The North Face Banchee 65 is durable, packed full of features and is one of the lighter models in our review. Our testers love this model's overall design, especially the pocket set-up. The two large zippered pockets on the back are handy, and its stretchy beavertail pocket is perfect for oddly shaped items like camp sandals or a Frisbee. The zippered hip belt pockets are easy to unzip while walking and ideal for stashing a few protein bars. With all that, it still manages to weigh in under four pounds. This pack to prove itself on a 10-day mountaineering traverse in the North Cascades with more than 50 lbs of weight. It performed better than expected.
The North Face Banchee 65 Review
Cons: Compression straps not effective if pack isn't full, external lid pocket isn't easy to search through
Manufacturer: The North Face
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Our Analysis and Test Results
The Banchee features comfortable padding and is one of our favorite pack designs. It's a little funny looking at the outset but don't let that fool you. This pack comes to play.
Excellent features, adjustability, and decent comfort keep this pack in the middle of the pack.
Suspension and Comfort
The Banchee 65 offers above-average comfort and excellent ergonomics. We love the shoulder straps, which contour nicely and work for a wide variety of body types. The straps are moderately wide, use supportive foam where you need it, and use cozier, softer foam where you don't. We enjoyed this attention to detail on long days.
The exterior fabric is also pleasant. Both the shoulder straps and back panel feel nice, even against bare skin. They rate above-average among the packs in our review. Overall this model is surprisingly comfortable, particularly considering its weight.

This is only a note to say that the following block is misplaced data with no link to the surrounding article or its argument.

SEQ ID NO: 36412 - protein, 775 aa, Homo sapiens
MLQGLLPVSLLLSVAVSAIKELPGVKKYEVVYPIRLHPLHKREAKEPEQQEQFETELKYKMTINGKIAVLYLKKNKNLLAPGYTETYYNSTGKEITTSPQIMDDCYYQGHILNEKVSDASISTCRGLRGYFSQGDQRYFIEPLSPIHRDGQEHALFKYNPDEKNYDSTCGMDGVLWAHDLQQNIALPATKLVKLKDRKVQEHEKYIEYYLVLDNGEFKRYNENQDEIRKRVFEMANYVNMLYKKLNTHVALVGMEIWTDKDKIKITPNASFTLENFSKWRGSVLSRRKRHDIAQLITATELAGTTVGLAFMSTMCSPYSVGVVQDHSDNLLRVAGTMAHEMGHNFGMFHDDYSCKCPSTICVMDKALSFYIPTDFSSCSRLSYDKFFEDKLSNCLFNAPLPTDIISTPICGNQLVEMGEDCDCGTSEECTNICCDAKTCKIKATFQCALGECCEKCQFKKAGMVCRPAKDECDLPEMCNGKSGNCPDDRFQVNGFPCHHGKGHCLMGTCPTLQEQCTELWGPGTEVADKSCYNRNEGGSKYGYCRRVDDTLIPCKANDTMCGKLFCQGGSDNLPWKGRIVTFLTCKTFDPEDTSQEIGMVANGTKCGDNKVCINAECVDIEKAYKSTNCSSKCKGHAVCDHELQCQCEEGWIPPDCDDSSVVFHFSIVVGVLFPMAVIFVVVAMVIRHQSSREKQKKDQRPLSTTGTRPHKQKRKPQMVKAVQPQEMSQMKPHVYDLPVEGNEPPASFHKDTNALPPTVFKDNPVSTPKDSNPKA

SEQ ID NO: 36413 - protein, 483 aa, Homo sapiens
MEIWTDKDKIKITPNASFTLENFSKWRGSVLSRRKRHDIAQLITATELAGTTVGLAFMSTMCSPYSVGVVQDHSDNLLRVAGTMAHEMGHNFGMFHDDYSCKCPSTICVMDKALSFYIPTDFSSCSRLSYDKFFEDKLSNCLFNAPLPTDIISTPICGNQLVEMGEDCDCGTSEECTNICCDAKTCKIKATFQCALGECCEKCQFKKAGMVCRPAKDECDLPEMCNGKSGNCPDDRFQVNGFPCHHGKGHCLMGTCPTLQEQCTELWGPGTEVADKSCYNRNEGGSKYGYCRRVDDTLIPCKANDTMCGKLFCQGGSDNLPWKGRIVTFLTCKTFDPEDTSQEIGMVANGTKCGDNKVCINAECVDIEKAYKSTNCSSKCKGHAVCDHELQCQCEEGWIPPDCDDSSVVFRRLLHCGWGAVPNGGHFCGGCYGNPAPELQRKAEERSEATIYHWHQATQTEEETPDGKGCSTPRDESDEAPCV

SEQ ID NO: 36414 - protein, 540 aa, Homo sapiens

For a pack that sits below four pounds, the Banchee 65 offers a decent suspension. We tested this pack on several trips that totaled over three weeks of regular use, including a long mountaineer traverse through Washington's North Cascades. We left the parking lot with around 45 to 50 lbs of gear, and its performance exceeded our expectations. It does get dicey for loads exceeding 50 pounds; it's just not nearly as comfortable as the Arc'teryx Bora AR 63, Osprey Aether AG 60, or the Gregory Baltoro 65. Bottom line — this pack does well when the load stays below 45 pounds.
At 3 pounds, 9 ounces, the Banchee 65 is in the middle of the pack for weight. It's lighter than a number of our award winners like the Arc'teryx Bora AR 63 or Osprey Atmos 65 AG. It isn't nearly as light as the Osprey Exos 58 or Granite Gear Crown2 60, but it is significantly more durable and is better at handling large loads.
The 3 pound 14 ounce Gregory Paragon 68 is one of this pack's most direct competitors. The Paragon 68 is slightly more supportive and handles heavier loads marginally better, but we like most of the features on the Banchee 65 more.
Features and Ease of Use